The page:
Think Like a Recruiter: Hiring Tips and Techniques from a Pro
Think Like a Recruiter: Hiring Tips and Techniques from a Pro
By Sophie Johnson
While our Bay Area economy is
strong, recent headlines signal that overall job growth, particularly in the
tech-sector, is slowing. According to the Mercury
News, “Santa Clara County and the East
Bay suffered their worst two-month stretch of job losses since the
Great Recession during January and February.” Don’t panic yet, but it is true — if you’re job hunting, times
are changing. As a corporate recruiter and hiring coach, I can tell you that
very few applicants truly understand the hiring process. So, let’s look at how
things have changed since the last time you looked for a job.
Your application will face steep competition. While it varies by company and by position, on average 250 applications are received for each opening. This is up to ten times more than the ‘good old’ days when a job search required a paper resume on fancy stationary plus a stamp. Now, you can apply with one easy click on a company’s website. But be aware, recruiters get a lot more ‘junk’ applications this way which has resulted is less trust overall in the quality of online aspirants.
LinkedIn profiles are the new resume. LinkedIn is fast becoming THE way recruiters discover candidates. Yes, recruiters are doing more searching on their own, rather than spending their time responding to the submissions sent by active applicants. Often recruiters consider it a better strategy to search for passive candidates — those who aren’t aggressively applying for jobs — rather than scan an inbox filled with hundreds of resumes. Your LinkedIn profile should mirror your resume and be a brand-building tool, so channel your inner Tony Robbins or Martha Stewart and build your brand on LinkedIn.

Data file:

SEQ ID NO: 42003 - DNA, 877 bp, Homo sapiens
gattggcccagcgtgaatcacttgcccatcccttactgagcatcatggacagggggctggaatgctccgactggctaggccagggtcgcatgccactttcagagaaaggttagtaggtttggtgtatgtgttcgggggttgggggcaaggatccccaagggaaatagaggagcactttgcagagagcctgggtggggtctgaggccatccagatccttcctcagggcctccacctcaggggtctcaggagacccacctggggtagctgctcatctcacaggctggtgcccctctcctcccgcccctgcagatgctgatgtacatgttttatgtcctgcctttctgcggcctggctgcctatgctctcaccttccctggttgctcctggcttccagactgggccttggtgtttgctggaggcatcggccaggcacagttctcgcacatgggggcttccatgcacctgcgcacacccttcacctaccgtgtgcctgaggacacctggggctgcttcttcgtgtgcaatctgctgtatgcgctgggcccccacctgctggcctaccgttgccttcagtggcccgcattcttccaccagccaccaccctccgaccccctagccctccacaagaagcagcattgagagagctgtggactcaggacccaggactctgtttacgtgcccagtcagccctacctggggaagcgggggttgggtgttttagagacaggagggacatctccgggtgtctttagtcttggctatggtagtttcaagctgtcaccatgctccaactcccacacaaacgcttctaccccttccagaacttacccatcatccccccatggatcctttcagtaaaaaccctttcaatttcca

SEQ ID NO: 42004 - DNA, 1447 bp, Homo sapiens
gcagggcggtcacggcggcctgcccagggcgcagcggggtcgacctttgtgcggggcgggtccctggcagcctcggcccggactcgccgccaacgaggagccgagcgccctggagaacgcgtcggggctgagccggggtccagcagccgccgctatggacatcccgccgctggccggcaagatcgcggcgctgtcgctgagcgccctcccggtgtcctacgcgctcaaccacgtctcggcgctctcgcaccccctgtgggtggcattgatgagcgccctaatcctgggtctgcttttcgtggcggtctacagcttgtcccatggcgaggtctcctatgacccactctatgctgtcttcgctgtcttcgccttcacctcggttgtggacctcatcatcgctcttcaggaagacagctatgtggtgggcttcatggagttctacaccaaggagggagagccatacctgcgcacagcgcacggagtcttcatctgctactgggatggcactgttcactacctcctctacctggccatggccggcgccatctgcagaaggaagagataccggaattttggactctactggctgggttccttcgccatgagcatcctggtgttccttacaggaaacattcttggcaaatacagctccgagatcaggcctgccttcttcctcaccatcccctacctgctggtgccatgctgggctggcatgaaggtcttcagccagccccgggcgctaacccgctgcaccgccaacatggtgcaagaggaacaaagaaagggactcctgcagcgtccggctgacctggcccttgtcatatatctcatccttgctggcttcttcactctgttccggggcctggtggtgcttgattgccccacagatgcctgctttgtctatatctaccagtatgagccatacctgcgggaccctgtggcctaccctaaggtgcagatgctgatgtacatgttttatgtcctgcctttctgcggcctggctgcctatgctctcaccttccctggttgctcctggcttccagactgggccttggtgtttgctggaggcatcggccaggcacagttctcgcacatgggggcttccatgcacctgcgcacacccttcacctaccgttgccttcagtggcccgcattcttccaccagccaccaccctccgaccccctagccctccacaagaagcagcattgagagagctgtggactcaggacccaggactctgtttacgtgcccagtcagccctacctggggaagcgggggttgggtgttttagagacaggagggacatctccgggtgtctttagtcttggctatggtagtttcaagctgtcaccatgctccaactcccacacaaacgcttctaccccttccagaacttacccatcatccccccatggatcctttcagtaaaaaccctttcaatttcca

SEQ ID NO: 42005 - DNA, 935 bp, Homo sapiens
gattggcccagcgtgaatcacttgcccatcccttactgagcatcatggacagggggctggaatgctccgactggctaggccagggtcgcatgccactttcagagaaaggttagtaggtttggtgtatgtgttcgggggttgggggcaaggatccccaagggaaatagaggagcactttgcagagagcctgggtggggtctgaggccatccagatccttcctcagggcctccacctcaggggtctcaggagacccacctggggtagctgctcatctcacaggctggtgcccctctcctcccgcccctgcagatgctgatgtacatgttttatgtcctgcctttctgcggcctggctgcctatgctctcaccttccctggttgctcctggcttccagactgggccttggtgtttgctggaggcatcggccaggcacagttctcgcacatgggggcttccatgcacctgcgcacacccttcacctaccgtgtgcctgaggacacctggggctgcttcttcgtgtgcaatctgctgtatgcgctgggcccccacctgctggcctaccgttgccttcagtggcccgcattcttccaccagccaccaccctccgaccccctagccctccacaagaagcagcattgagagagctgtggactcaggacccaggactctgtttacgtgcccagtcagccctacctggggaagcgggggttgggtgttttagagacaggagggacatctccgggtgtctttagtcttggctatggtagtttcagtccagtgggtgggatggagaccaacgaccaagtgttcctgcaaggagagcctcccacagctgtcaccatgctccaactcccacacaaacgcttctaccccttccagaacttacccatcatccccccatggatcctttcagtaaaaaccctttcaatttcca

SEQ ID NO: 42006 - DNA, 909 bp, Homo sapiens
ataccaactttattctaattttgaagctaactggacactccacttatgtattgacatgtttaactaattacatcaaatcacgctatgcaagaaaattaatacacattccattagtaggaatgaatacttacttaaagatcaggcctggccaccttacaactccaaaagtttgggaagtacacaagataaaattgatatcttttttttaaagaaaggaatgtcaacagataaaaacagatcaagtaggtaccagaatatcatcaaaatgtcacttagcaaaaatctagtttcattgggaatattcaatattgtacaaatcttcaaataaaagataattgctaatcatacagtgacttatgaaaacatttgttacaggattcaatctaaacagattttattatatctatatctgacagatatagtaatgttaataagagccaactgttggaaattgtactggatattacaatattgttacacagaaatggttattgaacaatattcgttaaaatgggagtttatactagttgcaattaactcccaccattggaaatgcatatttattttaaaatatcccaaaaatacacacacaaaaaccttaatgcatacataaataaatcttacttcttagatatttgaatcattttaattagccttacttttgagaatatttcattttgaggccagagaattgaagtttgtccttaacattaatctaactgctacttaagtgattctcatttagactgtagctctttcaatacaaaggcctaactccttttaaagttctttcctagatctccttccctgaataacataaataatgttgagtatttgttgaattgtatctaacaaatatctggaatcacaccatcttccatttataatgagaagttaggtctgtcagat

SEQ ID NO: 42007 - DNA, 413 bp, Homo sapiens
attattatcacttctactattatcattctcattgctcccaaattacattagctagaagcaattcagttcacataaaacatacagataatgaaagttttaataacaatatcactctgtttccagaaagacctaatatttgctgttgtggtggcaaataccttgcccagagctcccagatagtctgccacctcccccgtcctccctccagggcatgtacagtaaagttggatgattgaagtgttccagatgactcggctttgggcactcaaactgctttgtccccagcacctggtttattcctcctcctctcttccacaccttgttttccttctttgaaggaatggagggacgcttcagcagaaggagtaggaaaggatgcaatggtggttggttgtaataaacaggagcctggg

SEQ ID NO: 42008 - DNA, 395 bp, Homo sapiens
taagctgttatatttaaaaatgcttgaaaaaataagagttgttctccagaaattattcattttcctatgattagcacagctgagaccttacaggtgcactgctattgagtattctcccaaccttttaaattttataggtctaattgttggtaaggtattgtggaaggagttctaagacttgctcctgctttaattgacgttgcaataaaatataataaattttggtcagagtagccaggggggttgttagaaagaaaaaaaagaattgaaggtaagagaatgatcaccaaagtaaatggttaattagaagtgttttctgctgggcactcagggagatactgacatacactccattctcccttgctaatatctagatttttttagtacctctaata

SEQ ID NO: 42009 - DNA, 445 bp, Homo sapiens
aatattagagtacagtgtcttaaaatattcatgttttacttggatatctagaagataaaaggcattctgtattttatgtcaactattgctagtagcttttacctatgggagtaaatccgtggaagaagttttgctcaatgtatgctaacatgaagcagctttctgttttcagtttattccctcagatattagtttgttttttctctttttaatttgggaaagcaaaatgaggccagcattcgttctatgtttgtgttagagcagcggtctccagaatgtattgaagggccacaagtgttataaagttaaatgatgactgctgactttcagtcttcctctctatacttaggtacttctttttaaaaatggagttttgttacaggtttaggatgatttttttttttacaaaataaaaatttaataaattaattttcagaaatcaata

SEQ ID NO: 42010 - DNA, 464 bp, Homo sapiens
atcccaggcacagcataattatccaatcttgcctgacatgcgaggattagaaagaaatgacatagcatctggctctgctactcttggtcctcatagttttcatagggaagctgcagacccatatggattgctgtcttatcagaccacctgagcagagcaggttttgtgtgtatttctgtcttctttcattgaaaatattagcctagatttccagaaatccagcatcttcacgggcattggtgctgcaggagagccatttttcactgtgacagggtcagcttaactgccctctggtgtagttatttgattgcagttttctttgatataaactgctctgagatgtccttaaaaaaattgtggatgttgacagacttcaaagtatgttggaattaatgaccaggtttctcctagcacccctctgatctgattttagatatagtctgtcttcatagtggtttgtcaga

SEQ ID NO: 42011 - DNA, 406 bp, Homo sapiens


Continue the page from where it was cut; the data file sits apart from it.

Recruiters are trained to scan and recycle. Resumes still matter when it comes to being invited for an interview, so write it for your target audience. When I was a recent college graduate just starting out in the recruiting world I was told, ‘For every ten resumes we receive, one might be worth a call.’ Recruiters have their own preferences for what they do and do NOT want to see on a resume. This means revising and updating your resume to fit the specifications of a particular job.
Resumes can be tough to write. This is true partly because it feels diminishing to list your duties from previous positions in short bullet points. Instead of thinking about how you filled your days, highlight responsibilities and successes, as opposed to a laundry list of functions. Use an online job description that matches your role closely to spark ideas about real accomplishments.
Think about finding a job as a job and be smart about it. Some career coaches will tell you to spend 40 hours a week on an active job search. I disagree. This amount of time can be emotionally crushing with limited returns. Rather than focusing on actual hours, spend your energy getting organized, developing a methodical approach, and applying as much creative problem-solving to your search as you would if you were sitting at a new desk and getting a pay check.